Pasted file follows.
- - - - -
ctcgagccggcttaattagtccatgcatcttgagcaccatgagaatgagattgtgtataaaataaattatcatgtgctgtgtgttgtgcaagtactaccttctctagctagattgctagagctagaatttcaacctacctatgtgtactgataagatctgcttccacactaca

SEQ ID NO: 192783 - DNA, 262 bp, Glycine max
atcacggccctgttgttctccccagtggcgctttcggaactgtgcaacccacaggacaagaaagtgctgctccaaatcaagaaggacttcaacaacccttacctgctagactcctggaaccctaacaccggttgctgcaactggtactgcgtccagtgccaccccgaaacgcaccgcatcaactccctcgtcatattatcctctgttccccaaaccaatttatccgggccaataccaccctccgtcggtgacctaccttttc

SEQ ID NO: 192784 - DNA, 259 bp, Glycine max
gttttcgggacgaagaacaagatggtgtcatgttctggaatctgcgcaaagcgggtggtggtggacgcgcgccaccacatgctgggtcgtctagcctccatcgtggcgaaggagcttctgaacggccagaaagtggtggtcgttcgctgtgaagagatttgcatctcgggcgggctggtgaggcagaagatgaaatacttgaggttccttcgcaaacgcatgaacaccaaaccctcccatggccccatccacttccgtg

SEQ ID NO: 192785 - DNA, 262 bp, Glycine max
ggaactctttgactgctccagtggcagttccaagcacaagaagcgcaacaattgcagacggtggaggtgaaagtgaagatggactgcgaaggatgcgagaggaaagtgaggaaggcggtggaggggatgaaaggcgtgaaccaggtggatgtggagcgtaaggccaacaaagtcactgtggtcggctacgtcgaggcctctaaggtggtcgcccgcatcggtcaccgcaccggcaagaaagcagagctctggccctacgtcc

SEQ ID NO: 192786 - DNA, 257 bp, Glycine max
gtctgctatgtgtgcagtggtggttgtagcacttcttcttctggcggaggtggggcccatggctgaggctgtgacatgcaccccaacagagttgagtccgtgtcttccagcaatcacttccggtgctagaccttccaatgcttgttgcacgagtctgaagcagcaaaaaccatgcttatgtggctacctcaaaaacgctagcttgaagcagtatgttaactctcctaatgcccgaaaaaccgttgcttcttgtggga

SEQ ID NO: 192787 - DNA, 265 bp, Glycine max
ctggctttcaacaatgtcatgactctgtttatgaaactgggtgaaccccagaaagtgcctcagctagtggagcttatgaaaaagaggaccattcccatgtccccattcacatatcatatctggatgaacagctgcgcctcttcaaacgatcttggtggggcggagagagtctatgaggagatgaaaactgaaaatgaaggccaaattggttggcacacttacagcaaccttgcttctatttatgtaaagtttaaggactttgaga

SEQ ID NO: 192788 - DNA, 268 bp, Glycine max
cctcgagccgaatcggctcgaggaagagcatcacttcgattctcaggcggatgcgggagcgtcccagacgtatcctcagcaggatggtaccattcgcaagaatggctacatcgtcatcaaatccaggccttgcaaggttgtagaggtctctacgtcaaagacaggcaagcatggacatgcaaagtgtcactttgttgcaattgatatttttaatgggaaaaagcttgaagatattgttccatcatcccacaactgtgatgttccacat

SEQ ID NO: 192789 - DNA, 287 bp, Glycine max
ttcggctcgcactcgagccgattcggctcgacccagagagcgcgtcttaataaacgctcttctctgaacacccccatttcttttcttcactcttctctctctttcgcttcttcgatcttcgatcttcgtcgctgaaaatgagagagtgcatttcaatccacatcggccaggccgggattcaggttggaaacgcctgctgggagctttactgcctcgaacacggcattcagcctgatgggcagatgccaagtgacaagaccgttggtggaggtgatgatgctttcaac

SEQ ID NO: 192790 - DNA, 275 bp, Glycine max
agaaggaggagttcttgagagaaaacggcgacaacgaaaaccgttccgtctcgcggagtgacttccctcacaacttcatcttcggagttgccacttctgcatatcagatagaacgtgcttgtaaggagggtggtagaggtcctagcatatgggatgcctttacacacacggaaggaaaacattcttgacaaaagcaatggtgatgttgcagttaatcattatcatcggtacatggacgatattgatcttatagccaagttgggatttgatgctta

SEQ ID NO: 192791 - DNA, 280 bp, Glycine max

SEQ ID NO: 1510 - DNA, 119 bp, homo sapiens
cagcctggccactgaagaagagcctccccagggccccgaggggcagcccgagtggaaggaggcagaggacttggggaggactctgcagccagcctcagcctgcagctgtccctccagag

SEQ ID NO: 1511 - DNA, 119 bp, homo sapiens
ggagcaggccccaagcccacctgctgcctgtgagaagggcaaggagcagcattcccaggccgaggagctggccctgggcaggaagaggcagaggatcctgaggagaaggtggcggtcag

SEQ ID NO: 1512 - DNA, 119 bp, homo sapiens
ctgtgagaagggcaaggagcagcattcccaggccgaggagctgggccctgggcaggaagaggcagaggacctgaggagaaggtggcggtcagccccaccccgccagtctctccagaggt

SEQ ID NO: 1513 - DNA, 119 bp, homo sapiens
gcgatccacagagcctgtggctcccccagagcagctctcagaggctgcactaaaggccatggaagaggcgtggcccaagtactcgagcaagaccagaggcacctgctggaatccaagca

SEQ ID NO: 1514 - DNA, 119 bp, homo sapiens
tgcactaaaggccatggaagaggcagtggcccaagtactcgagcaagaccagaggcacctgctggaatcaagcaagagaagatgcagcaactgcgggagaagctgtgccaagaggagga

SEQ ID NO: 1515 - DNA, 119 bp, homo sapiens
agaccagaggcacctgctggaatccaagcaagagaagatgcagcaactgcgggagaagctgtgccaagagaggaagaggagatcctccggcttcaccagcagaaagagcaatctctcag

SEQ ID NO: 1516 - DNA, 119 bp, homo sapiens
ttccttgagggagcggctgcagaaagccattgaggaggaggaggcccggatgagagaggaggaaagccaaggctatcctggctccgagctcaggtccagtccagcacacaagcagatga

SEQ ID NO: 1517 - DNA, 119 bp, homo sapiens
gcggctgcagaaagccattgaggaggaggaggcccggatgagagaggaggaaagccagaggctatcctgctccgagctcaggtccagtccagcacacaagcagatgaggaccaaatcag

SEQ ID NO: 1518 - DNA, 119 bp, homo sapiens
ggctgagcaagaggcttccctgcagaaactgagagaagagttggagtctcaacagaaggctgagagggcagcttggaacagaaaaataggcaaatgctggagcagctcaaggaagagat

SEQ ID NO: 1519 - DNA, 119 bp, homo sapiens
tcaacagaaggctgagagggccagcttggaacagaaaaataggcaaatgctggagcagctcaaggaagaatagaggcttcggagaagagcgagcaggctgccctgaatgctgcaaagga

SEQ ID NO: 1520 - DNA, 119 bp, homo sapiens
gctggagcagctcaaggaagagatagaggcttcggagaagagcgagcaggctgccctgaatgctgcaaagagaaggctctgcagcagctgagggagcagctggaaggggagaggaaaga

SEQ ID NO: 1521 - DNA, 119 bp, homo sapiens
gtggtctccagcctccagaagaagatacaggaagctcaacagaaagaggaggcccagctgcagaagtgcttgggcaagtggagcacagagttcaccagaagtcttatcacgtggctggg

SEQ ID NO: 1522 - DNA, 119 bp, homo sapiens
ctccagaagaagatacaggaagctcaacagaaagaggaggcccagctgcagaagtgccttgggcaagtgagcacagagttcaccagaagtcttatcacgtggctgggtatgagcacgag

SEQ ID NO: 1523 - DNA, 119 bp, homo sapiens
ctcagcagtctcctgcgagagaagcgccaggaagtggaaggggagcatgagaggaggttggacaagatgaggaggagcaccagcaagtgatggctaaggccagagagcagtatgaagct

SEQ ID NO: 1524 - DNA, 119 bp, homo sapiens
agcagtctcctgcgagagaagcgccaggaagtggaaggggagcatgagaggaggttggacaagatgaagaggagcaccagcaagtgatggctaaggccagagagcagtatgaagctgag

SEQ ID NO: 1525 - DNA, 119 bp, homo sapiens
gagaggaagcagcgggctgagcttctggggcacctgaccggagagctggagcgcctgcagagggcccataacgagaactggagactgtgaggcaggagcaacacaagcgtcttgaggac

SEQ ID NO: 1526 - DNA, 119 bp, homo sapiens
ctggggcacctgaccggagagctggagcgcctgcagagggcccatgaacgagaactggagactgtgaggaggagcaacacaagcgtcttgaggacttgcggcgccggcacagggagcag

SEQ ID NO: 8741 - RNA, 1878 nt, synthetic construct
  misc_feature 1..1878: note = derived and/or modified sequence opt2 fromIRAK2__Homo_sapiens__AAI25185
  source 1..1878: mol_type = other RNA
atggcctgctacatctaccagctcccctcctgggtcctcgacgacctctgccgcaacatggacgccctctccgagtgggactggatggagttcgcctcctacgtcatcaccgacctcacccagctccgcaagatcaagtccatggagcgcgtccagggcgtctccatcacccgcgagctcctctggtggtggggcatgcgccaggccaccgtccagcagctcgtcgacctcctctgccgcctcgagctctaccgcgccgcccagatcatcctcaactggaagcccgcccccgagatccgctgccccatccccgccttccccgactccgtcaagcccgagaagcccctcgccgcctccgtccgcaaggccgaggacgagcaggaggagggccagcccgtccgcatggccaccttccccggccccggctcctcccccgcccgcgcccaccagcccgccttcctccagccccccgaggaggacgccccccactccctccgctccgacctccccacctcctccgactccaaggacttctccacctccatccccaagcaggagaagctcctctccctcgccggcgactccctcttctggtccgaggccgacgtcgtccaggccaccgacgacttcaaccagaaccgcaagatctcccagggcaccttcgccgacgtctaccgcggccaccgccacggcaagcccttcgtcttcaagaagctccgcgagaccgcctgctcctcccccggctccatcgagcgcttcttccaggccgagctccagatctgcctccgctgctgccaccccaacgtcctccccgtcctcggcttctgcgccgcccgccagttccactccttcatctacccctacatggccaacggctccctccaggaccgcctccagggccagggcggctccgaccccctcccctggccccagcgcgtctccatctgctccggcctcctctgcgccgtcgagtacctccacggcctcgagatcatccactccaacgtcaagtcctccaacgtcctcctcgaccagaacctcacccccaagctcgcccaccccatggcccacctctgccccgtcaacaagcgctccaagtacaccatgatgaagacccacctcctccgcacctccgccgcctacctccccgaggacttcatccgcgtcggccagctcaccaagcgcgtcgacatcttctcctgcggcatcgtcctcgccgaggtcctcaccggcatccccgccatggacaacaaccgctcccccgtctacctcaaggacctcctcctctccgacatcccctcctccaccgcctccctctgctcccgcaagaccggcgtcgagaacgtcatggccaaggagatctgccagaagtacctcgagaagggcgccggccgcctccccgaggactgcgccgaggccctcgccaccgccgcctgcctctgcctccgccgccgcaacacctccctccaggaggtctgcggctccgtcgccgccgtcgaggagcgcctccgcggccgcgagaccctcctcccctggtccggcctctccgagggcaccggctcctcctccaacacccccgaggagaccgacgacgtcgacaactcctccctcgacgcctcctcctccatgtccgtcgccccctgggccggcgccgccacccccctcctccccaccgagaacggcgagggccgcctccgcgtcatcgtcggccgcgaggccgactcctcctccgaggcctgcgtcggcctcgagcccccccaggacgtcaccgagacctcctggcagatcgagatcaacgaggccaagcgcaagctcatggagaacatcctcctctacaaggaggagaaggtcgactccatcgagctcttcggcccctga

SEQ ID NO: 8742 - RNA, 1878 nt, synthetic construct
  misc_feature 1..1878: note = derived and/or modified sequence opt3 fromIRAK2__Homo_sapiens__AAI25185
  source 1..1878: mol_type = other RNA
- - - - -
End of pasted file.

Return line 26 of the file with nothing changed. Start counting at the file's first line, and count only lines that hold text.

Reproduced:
gcgatccacagagcctgtggctcccccagagcagctctcagaggctgcactaaaggccatggaagaggcgtggcccaagtactcgagcaagaccagaggcacctgctggaatccaagca